The Crest has remained a movie theater of sorts, hosting a series of Mexican and Indian film premieres. For a while, it was used as a church. The family works with outside promoters to bring in special events and live concerts.
León’s favorites are the EDM (electronic dance music) shows. You can often find her out on the dance floor.
So, the theater is far from shuttered. The last EDM show drew 900-plus people. But the family would like to do more events and eventually handle the promotions themselves.
But that is down the road.
“A lot of people grew up coming here. They have a connection. They see something beautiful.” — Crest Theatre manager Dee Ann Hull
For now, they’ll start with the marquee and neon, because it’s the most visible. The volunteer group is working to form a proper nonprofit (Friends of the Crest) to start raising money for the project, which Hull pegs at $250,000. After the marquee, they want to focus on a full restoration of the theater, Hull says, though that kind of project could take eight years or more.
There are several fundraiser events already in the works, including a “Peace on Earth” EDM concert April 16 and another in early May that will coincide with the city’s Historic Preservation Week.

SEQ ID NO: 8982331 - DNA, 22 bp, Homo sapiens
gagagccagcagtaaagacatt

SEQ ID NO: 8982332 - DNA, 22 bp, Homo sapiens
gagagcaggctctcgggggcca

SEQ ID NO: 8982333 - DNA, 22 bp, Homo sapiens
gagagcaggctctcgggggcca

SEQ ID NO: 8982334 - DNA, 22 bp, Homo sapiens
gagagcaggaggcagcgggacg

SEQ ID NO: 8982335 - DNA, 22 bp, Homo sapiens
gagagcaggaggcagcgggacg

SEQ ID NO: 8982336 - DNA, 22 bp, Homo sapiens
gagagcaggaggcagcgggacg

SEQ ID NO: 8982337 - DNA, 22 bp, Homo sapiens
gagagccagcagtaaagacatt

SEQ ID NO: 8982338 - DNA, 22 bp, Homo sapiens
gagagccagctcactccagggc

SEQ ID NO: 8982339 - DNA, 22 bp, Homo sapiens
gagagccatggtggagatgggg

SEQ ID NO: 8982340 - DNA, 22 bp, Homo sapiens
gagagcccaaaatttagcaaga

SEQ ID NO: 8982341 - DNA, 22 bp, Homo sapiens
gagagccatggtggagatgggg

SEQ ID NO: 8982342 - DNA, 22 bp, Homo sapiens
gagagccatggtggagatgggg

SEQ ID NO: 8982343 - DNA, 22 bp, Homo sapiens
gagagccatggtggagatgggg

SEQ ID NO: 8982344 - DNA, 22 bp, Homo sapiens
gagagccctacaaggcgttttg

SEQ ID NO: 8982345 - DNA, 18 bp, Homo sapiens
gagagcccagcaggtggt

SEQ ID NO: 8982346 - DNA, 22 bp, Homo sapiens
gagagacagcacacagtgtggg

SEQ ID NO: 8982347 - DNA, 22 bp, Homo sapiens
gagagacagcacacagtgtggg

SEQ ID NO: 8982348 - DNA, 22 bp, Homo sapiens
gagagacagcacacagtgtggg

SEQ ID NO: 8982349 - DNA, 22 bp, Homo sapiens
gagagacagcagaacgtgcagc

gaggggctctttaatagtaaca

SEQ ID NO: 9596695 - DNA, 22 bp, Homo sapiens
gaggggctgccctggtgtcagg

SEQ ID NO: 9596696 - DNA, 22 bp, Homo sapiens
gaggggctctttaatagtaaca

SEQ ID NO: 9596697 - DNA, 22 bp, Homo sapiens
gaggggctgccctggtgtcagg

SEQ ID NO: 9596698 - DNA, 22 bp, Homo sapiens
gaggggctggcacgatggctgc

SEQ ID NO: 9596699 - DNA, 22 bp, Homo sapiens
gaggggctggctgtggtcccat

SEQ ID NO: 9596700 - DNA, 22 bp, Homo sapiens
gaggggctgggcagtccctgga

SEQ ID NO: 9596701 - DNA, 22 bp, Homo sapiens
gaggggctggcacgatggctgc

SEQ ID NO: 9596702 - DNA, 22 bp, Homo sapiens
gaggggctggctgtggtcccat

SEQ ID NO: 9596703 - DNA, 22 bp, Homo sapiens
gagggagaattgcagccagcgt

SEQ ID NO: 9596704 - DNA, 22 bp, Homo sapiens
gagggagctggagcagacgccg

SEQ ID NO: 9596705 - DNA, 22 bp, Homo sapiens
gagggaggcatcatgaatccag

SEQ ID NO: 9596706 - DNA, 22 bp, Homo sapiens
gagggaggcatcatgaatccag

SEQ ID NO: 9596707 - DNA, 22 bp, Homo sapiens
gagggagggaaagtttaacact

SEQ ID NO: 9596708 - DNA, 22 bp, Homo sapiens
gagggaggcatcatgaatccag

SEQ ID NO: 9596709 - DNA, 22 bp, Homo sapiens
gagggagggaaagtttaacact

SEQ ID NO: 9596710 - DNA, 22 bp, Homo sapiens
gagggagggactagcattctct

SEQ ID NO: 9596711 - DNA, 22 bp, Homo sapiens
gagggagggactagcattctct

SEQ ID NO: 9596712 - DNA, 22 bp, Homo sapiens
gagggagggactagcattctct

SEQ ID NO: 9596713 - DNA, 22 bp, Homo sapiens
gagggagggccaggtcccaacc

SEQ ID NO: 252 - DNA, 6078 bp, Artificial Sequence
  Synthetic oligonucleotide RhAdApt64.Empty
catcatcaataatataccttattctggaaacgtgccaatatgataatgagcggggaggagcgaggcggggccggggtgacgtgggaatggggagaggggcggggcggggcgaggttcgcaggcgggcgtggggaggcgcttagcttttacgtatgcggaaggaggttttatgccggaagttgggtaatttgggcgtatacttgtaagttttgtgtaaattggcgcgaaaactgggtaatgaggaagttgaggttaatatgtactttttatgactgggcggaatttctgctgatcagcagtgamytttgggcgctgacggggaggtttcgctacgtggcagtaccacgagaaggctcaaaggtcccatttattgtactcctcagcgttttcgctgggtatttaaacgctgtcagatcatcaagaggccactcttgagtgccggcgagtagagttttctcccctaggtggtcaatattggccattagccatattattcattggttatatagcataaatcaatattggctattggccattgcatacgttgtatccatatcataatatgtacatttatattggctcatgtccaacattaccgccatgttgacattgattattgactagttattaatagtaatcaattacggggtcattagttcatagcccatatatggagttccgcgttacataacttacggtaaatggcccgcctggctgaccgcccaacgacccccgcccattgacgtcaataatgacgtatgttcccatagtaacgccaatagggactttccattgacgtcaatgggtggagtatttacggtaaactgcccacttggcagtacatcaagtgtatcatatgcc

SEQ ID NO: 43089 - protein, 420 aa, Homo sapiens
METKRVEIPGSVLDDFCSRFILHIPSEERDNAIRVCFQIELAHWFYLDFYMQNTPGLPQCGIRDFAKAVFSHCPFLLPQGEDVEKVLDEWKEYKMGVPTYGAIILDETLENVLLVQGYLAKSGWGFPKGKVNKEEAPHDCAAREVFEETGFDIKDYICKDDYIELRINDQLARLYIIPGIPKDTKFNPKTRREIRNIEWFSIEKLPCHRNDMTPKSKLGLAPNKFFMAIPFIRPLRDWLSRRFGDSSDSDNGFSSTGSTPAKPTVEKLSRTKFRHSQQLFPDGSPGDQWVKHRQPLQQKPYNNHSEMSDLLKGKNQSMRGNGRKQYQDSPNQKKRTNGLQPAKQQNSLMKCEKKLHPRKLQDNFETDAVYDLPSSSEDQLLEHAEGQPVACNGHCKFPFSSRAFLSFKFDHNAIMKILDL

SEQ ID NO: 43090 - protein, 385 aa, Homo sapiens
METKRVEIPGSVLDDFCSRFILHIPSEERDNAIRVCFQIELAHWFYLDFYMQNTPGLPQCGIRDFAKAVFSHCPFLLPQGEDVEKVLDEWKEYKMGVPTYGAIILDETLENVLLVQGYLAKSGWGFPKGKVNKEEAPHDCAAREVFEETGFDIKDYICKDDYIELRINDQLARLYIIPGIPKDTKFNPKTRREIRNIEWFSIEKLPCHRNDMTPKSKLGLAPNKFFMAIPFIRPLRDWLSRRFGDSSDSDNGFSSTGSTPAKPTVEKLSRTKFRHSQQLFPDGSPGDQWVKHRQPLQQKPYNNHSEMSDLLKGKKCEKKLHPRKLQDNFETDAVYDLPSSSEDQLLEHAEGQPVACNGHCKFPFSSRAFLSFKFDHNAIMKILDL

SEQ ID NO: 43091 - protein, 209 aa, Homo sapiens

The theater needs to be preserved, says Jason Hatwig, who sits on the city’s Historic Preservation Commission and is helping with the event, because its worth extends well beyond the obvious architecture and history.
“It’s about the people and the culture and the music,” he says. “Just to have that tie.”
Hatwig points to Sacramento’s Crest Theatre as an example of what is possible. That theater went through a complete restoration, including refurbishment of its neon sign in 2009, and is now a vibrant part of downtown Sacramento.
It won’t happen without help. Hull knows as much. She has tried working with the city and others to secure grant funding. She has had little success. She hopes, with new excitement and empowerment from the community, the theater can finally return to its former glory.
“It’s going to take a lot of work, a lot of people getting involved,” she says. “This is what we need.”
This – people willing to donate their talents, even if it’s to make a couple of bathroom signs – is how it starts.
Downtown is finally at the point we can maybe make it work.